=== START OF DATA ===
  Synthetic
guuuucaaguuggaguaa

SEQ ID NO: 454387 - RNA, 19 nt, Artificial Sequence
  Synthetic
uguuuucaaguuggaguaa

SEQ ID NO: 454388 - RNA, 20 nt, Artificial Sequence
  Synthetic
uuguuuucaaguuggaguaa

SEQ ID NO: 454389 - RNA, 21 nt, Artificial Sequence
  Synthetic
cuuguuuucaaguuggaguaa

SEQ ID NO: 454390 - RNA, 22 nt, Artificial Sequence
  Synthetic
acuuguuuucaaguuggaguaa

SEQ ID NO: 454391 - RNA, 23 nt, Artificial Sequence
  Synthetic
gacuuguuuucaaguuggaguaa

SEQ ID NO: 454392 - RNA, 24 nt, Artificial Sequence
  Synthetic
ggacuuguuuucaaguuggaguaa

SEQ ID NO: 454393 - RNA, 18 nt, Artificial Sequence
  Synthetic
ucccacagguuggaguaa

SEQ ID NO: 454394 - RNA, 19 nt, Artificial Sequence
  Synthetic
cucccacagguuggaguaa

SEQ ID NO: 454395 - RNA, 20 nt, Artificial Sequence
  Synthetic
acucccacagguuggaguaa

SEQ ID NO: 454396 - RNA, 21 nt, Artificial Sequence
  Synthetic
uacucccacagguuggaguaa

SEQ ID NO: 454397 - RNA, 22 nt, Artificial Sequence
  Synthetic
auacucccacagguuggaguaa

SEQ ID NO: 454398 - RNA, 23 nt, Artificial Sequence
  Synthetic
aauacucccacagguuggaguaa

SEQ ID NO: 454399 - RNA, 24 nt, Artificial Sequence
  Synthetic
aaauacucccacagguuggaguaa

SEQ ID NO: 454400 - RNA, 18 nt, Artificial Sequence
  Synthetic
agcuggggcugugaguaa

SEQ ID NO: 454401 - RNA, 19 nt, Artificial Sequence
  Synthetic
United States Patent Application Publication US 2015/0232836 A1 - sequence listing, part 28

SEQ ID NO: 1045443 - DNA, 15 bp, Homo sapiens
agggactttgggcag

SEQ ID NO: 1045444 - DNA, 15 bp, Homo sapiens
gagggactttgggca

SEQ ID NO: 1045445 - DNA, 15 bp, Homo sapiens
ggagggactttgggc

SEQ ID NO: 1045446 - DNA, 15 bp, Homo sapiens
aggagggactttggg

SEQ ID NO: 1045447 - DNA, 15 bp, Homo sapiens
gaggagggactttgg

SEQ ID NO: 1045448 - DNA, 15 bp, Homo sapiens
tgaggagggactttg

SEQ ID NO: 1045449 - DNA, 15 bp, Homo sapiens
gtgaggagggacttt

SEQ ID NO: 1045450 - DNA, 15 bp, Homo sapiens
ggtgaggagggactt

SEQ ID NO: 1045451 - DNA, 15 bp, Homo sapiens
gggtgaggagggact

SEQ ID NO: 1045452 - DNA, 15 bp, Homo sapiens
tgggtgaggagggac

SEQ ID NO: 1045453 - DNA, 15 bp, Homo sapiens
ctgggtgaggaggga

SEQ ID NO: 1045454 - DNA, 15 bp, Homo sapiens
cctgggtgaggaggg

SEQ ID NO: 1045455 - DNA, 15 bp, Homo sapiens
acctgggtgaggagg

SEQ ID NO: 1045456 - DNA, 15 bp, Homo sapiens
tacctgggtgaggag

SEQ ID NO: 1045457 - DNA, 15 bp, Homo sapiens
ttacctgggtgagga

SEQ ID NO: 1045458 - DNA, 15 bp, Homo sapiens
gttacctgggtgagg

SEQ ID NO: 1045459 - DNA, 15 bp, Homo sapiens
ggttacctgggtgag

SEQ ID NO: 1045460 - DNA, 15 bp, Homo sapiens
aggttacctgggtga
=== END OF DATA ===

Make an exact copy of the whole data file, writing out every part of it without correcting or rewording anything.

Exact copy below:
  Synthetic
guuuucaaguuggaguaa

SEQ ID NO: 454387 - RNA, 19 nt, Artificial Sequence
  Synthetic
uguuuucaaguuggaguaa

SEQ ID NO: 454388 - RNA, 20 nt, Artificial Sequence
  Synthetic
uuguuuucaaguuggaguaa

SEQ ID NO: 454389 - RNA, 21 nt, Artificial Sequence
  Synthetic
cuuguuuucaaguuggaguaa

SEQ ID NO: 454390 - RNA, 22 nt, Artificial Sequence
  Synthetic
acuuguuuucaaguuggaguaa

SEQ ID NO: 454391 - RNA, 23 nt, Artificial Sequence
  Synthetic
gacuuguuuucaaguuggaguaa

SEQ ID NO: 454392 - RNA, 24 nt, Artificial Sequence
  Synthetic
ggacuuguuuucaaguuggaguaa

SEQ ID NO: 454393 - RNA, 18 nt, Artificial Sequence
  Synthetic
ucccacagguuggaguaa

SEQ ID NO: 454394 - RNA, 19 nt, Artificial Sequence
  Synthetic
cucccacagguuggaguaa

SEQ ID NO: 454395 - RNA, 20 nt, Artificial Sequence
  Synthetic
acucccacagguuggaguaa

SEQ ID NO: 454396 - RNA, 21 nt, Artificial Sequence
  Synthetic
uacucccacagguuggaguaa

SEQ ID NO: 454397 - RNA, 22 nt, Artificial Sequence
  Synthetic
auacucccacagguuggaguaa

SEQ ID NO: 454398 - RNA, 23 nt, Artificial Sequence
  Synthetic
aauacucccacagguuggaguaa

SEQ ID NO: 454399 - RNA, 24 nt, Artificial Sequence
  Synthetic
aaauacucccacagguuggaguaa

SEQ ID NO: 454400 - RNA, 18 nt, Artificial Sequence
  Synthetic
agcuggggcugugaguaa

SEQ ID NO: 454401 - RNA, 19 nt, Artificial Sequence
  Synthetic
United States Patent Application Publication US 2015/0232836 A1 - sequence listing, part 28

SEQ ID NO: 1045443 - DNA, 15 bp, Homo sapiens
agggactttgggcag

SEQ ID NO: 1045444 - DNA, 15 bp, Homo sapiens
gagggactttgggca

SEQ ID NO: 1045445 - DNA, 15 bp, Homo sapiens
ggagggactttgggc

SEQ ID NO: 1045446 - DNA, 15 bp, Homo sapiens
aggagggactttggg

SEQ ID NO: 1045447 - DNA, 15 bp, Homo sapiens
gaggagggactttgg

SEQ ID NO: 1045448 - DNA, 15 bp, Homo sapiens
tgaggagggactttg

SEQ ID NO: 1045449 - DNA, 15 bp, Homo sapiens
gtgaggagggacttt

SEQ ID NO: 1045450 - DNA, 15 bp, Homo sapiens
ggtgaggagggactt

SEQ ID NO: 1045451 - DNA, 15 bp, Homo sapiens
gggtgaggagggact

SEQ ID NO: 1045452 - DNA, 15 bp, Homo sapiens
tgggtgaggagggac

SEQ ID NO: 1045453 - DNA, 15 bp, Homo sapiens
ctgggtgaggaggga

SEQ ID NO: 1045454 - DNA, 15 bp, Homo sapiens
cctgggtgaggaggg

SEQ ID NO: 1045455 - DNA, 15 bp, Homo sapiens
acctgggtgaggagg

SEQ ID NO: 1045456 - DNA, 15 bp, Homo sapiens
tacctgggtgaggag

SEQ ID NO: 1045457 - DNA, 15 bp, Homo sapiens
ttacctgggtgagga

SEQ ID NO: 1045458 - DNA, 15 bp, Homo sapiens
gttacctgggtgagg

SEQ ID NO: 1045459 - DNA, 15 bp, Homo sapiens
ggttacctgggtgag

SEQ ID NO: 1045460 - DNA, 15 bp, Homo sapiens
aggttacctgggtga